The Florence one-day cooking classes are working harder and harder. This fills us with pride and desire to keep going on what we do. It’s not just about love for cooking and passing on know-how.
In fact, the most important thing is the incredible adventure that awaits us every time in meeting new people. 10 years ago I started working as a cooking teacher and private chef around the villas of Tuscany. At that time I did not imagine how important certain characteristics are to the detriment of others. Since I’m a sociologist, I love mankind in general and empathize with others. The relationship that is created with our customers is something special. And I think it is the aspect that enriches me most of this work.
Memories from our Florence one-day cooking classes
Among the Florence one-day cooking classes I can not forget that one month ago. Customers from San Francisco and dance fans were in Florence for a ballet. Well, when they contacted us to ask for a cooking class, I immediately offered them the Pavlova cake as a dessert. They made a complete Italian meal, fresh pasta based. Well, to end with this fantastic and elegant cake, deeply related to the dance world.
Furthermore in December, here in Tuscany, we have wonderful lemons. That’s why I proposed to my clients from the USA the Pavlova version with lemon curd instead of fresh fruit. Among other things, lemons come directly from my lemon tree. Thanks to them I make my famous “Limoncello” liqueur and the best lemon bars!
This dessert seems of Russian origins, but it contends between Australia and New-Zealand.
Pavlova’s biographers established two versions:
- Chef Bert Sachse invented this cake in Australia in 1935
- A chef (we don’t know the name) made this delicacy, around 1926, to offer it to the Russian dancer Anna Pavlova, at that time on tour in Oceania.
The chef (whoever he was) was impressed by the grace and elegance of the dancer, and by the white that enveloped every appearance on stage.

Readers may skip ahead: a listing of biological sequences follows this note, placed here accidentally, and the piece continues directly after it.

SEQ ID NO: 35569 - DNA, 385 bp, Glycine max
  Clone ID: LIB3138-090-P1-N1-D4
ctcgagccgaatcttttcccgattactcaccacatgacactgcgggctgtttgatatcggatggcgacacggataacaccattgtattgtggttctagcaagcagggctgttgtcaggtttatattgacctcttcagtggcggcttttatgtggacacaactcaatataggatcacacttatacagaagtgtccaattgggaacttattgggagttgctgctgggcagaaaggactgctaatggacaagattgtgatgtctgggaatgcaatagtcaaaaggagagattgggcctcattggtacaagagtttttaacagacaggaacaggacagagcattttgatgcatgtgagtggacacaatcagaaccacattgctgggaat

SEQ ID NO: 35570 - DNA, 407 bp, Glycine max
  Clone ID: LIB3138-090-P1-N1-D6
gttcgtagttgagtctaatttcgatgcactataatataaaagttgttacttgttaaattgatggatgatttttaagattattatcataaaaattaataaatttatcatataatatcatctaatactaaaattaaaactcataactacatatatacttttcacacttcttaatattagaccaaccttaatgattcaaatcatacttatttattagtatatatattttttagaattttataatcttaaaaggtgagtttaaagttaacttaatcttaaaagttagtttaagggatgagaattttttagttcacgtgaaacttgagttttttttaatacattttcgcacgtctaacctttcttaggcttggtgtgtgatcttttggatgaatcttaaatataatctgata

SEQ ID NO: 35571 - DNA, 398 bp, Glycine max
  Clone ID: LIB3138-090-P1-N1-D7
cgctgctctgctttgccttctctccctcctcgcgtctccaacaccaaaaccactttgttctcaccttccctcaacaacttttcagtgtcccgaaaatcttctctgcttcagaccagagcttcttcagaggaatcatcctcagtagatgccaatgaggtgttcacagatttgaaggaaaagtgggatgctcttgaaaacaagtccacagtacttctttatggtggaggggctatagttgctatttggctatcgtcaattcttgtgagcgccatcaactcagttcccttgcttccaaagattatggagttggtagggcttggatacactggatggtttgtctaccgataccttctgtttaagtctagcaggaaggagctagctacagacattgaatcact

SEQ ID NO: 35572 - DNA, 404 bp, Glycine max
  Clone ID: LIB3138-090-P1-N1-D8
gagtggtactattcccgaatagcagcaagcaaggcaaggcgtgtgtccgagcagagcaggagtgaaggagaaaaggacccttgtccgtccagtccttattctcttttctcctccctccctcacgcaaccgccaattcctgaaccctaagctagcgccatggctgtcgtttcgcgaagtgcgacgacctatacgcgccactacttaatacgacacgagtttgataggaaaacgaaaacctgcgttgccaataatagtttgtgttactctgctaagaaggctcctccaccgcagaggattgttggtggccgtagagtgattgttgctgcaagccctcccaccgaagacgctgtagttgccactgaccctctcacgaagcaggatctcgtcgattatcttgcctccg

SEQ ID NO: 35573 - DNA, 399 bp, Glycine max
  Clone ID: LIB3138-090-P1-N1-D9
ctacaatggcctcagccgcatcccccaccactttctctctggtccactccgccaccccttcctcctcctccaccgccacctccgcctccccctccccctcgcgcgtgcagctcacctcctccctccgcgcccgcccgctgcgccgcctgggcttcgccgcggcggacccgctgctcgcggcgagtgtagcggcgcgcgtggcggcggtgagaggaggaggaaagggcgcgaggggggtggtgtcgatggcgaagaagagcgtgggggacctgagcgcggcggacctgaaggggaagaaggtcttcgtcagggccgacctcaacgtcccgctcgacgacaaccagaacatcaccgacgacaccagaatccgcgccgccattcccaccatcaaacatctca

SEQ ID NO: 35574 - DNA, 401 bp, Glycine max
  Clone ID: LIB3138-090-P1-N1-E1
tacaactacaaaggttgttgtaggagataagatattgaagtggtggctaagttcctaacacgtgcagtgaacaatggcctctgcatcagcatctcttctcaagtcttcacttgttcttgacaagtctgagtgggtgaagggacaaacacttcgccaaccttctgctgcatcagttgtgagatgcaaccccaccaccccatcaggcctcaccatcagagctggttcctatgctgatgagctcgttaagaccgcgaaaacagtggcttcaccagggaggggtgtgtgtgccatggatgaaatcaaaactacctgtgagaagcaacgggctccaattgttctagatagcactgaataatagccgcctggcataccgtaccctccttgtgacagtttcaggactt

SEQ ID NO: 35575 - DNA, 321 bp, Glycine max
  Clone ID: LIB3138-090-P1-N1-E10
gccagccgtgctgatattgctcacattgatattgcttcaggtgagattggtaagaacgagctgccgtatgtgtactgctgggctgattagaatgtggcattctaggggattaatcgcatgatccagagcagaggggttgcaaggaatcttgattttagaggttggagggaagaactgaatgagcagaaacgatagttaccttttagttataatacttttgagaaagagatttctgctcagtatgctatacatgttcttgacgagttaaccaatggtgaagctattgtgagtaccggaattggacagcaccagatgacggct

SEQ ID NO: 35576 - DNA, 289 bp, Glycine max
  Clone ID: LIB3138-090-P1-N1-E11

The Pavlova cake, in fact, provides a cloud of meringue as a base, white, soft, and elegant, just like Anna’s tutu. Over this voluptuous meringue, a lush whipped cream, and lastly delicious fresh fruit.
Although many studies on the origin of this cake, there is no scientific evidence of how it was born.
Anyway, one thing is certain: after various international disputes, today the meringue cakes with fruit are considered “a popular dessert of New Zealand and Australian cuisine”.
Professor and anthropologist Helen Leach of the University of Otago, New Zealand, gathered the largest library of cookbooks that contains the story of Pavlova cake. There are 667 recipes and 300 different sources.
In fact, you can prepare the Pavlova cake in many varieties, just like the dance repertoire of Anna Matveyevna Pavlova’s performances.
That’s why, whatever your version, you’ll never risk betraying the essence of this fantastic recipe.
Lesson learned from our Florence one-day cooking classes
The Pavlova is a dessert that provides a base already in itself free of gluten, milk, and lactose as made with meringue!
So, the recipe version that you find below is suitable for all those who have problems with these allergens.
Summing up: the Pavlova is a really easy and fast recipe, but please pay attention to details, because everything depends on your personal good-taste.
Make the lemon curd one day before, here you can FIND MY RECIPE
Toast almond flakes for 3 minutes, they’ll give an amazing flavor but also a very nice appearance to your cake
Use 4 tsp of whipped egg whites to stick the baking paper to a baking tray: you’ll be sure it won’t move.